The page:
The More Things Change, The More They Stay The Same

Interview with Ted Zimmerman on Bottom Line Leadership
In 1981 I had the honor of interviewing Ted Zimmerman. You might have a similar reaction to hearing the name as I did when I first heard it, because I had never heard of Ted Zimmerman. As a teenager Ted had been a clerk in the first self-service grocery store in America. Although there has been an unresolved debate concerning when the first self-service store actually opened, and by whom, I will go with the Safeway claim of being first, with Ted Zimmerman working as a clerk in that store on grand opening day.
 
S.M. Skaggs opened the store in early June 1915 in American Falls, Idaho, and within months sold the store to M.B. Skaggs, one of his six sons. Neither Ted, nor any other witness can pinpoint the date any closer than, “early June.” Prior to the advent of self-service, clerks assembled product orders from a customer provided list. But everything changed on that grand opening day in June 1915 and I was given the privilege of interviewing an elderly gentleman who was a personal witness to that historical event.
 
The reason for the interview was that Ted Zimmerman was in declining health and it appeared that his story might go forgotten and untold if it wasn’t documented. On the day of the interview near Tacoma, Washington Ted was in good spirits and seemed eager to have his participation in history documented.
 
After a few cordial preliminaries, I asked, “Is it true that on the first day a cigar box was used as a cash register?” Smiling, Ted said, “Yes, we couldn’t afford a real register for some time. In those early days a cigar box was all we had and it worked just fine, even as we opened more stores.” So the rumor I had heard about a cigar box was true.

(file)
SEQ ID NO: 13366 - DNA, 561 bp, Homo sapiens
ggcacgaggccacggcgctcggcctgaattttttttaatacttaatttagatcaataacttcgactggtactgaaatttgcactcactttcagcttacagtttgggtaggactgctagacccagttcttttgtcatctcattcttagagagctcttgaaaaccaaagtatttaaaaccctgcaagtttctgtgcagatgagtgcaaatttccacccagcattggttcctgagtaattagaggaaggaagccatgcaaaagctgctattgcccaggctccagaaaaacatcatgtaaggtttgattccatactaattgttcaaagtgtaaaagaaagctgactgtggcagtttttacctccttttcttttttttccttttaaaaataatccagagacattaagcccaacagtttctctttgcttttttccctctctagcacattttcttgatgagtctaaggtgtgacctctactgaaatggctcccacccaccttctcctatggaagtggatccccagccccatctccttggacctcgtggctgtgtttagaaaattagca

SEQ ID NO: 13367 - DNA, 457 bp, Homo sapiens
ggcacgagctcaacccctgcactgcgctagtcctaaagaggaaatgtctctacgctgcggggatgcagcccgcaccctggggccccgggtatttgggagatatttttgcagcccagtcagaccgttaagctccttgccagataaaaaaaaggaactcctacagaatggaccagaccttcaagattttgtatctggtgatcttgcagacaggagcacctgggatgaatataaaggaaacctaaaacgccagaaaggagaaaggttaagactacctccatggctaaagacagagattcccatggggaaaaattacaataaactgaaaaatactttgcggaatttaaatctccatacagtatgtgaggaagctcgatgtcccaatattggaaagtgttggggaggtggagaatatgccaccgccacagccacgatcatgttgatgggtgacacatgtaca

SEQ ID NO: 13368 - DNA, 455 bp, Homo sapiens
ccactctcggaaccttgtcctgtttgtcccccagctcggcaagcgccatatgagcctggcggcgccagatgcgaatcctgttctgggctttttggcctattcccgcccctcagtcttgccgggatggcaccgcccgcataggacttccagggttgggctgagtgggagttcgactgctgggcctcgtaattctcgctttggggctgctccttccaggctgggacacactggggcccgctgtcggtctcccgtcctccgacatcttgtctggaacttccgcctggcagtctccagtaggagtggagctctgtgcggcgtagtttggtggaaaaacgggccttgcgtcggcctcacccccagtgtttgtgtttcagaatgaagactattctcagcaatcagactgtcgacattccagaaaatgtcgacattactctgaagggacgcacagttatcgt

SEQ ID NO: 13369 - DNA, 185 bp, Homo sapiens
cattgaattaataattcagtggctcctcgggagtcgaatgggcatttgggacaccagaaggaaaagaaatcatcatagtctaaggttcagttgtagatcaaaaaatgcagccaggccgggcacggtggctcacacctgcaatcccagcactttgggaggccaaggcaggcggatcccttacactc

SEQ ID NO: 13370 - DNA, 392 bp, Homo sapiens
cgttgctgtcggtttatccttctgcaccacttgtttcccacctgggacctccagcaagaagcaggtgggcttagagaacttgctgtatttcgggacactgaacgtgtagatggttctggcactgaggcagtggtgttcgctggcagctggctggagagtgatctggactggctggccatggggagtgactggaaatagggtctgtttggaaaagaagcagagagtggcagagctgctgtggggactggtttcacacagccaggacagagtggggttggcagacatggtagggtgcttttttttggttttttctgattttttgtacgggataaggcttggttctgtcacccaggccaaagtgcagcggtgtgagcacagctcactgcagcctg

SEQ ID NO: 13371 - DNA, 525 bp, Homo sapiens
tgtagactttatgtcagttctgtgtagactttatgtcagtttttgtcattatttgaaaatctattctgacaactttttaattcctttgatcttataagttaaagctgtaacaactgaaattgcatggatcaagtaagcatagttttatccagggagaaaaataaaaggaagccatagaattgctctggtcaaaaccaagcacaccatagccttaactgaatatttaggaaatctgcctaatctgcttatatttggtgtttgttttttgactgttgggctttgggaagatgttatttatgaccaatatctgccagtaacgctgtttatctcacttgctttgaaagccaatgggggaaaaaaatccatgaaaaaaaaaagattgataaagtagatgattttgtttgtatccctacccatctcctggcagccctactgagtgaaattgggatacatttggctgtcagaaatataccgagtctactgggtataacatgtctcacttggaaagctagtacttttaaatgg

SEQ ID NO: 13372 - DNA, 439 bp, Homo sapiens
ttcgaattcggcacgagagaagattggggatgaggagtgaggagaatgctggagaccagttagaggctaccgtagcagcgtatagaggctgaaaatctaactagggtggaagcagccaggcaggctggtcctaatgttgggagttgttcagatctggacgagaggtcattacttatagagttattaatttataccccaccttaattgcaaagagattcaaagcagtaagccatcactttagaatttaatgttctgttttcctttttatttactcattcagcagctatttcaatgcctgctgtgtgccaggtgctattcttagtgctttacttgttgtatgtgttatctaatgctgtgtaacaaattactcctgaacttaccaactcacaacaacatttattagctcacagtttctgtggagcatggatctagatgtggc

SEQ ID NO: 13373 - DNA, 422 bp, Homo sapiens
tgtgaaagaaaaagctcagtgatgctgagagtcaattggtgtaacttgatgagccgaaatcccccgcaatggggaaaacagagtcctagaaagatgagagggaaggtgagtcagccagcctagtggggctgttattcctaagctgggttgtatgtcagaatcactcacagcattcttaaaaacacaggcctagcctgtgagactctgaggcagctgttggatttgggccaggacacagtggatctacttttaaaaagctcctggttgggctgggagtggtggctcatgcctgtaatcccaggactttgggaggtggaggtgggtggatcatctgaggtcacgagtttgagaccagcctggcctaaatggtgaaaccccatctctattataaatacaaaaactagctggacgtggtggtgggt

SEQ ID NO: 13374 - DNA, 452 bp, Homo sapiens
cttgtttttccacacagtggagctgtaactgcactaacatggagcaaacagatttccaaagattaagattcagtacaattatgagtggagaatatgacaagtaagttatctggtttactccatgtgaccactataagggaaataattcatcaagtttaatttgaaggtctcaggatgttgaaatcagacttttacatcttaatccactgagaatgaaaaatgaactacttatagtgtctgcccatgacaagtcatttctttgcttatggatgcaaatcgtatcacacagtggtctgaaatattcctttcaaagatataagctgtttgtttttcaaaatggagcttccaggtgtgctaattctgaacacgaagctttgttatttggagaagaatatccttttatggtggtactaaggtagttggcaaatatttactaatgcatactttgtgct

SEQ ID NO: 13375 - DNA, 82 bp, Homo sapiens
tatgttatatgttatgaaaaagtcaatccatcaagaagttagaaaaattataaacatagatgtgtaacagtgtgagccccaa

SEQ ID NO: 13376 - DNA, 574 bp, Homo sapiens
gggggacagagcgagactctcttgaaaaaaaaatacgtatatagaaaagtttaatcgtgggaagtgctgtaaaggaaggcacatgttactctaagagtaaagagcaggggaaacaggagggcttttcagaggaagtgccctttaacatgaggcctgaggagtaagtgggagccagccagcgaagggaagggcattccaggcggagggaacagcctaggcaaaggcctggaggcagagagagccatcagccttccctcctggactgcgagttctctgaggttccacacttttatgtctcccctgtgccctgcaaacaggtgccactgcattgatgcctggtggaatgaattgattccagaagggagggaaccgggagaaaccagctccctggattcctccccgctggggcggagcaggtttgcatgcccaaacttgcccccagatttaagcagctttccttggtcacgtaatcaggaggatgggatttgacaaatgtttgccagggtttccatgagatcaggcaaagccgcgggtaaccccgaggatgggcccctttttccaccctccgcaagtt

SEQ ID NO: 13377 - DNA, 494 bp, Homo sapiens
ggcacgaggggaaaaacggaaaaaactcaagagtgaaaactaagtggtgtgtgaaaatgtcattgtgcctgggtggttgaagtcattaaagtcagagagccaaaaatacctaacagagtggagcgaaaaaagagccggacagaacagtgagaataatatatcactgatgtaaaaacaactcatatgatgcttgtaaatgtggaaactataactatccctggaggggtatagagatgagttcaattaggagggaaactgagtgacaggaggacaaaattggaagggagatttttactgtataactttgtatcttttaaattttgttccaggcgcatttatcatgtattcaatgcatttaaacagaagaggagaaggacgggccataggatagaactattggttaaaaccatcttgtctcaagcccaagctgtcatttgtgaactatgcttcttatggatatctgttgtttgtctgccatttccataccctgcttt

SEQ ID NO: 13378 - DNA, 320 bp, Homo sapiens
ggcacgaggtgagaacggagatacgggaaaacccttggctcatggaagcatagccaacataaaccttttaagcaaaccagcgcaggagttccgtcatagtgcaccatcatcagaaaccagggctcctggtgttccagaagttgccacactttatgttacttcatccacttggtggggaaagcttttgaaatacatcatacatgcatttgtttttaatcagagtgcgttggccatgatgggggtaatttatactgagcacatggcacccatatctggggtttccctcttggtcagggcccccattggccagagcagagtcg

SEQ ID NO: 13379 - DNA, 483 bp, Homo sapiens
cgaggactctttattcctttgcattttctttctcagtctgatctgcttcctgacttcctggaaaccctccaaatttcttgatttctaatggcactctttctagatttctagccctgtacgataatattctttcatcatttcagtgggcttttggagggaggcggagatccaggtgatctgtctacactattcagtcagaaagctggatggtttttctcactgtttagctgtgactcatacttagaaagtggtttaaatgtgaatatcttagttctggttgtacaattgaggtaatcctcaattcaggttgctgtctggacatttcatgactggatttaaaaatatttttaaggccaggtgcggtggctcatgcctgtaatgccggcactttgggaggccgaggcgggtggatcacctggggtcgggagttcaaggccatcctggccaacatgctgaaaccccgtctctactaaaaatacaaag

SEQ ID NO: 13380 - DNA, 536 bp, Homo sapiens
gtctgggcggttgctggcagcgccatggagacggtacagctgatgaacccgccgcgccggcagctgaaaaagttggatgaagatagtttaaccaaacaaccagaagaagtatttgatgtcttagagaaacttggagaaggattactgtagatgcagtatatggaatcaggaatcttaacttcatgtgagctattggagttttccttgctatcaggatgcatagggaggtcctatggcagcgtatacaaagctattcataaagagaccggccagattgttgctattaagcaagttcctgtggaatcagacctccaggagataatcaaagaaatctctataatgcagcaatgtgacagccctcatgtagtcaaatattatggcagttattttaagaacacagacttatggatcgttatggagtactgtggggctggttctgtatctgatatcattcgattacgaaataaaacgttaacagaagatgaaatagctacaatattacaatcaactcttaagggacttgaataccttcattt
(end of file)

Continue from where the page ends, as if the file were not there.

Measuring Success 
Later in the interview I asked, “In the store’s early days how did the Skaggs brothers measure results or success?” Ted’s response was simple. He said, “At the end of each day we counted the cash in the cigar box and entered the total in a ledger we used to keep track of our sales. It was cash only in those days, because there were no checks or credit cards. That meant our sales for a day was the cash we had in the cigar box at closing time.”
 
Ted explained more about the ledger, “We kept track of daily sales in one column and added the days of the week into a weekly total in the next column. The weekly totals then added up to a monthly total, and so forth.”
 
I asked, “What other measurements were used in the early stores?” He said, “It didn’t take long to learn that when an owner isn’t managing the store that labor cost can get out of hand. So we divided the weekly labor cost in dollars, by the weekly sales dollars and called it Labor Percent. It was easy to know your labor dollars, because we paid the help in cash right out of the cigar box each Friday.”
I continued, “How was Labor Percent used to manage a store?”
He explained, “We figured out Labor Percent benchmarks so we could tell within a week or so if a manager was using too much labor. As you can suspect, there wasn’t much of a problem with a manager using too little labor. Figuring Labor Percent each week gave us an easy way to look at the biggest controllable expense we had.”

Overall Gross Margin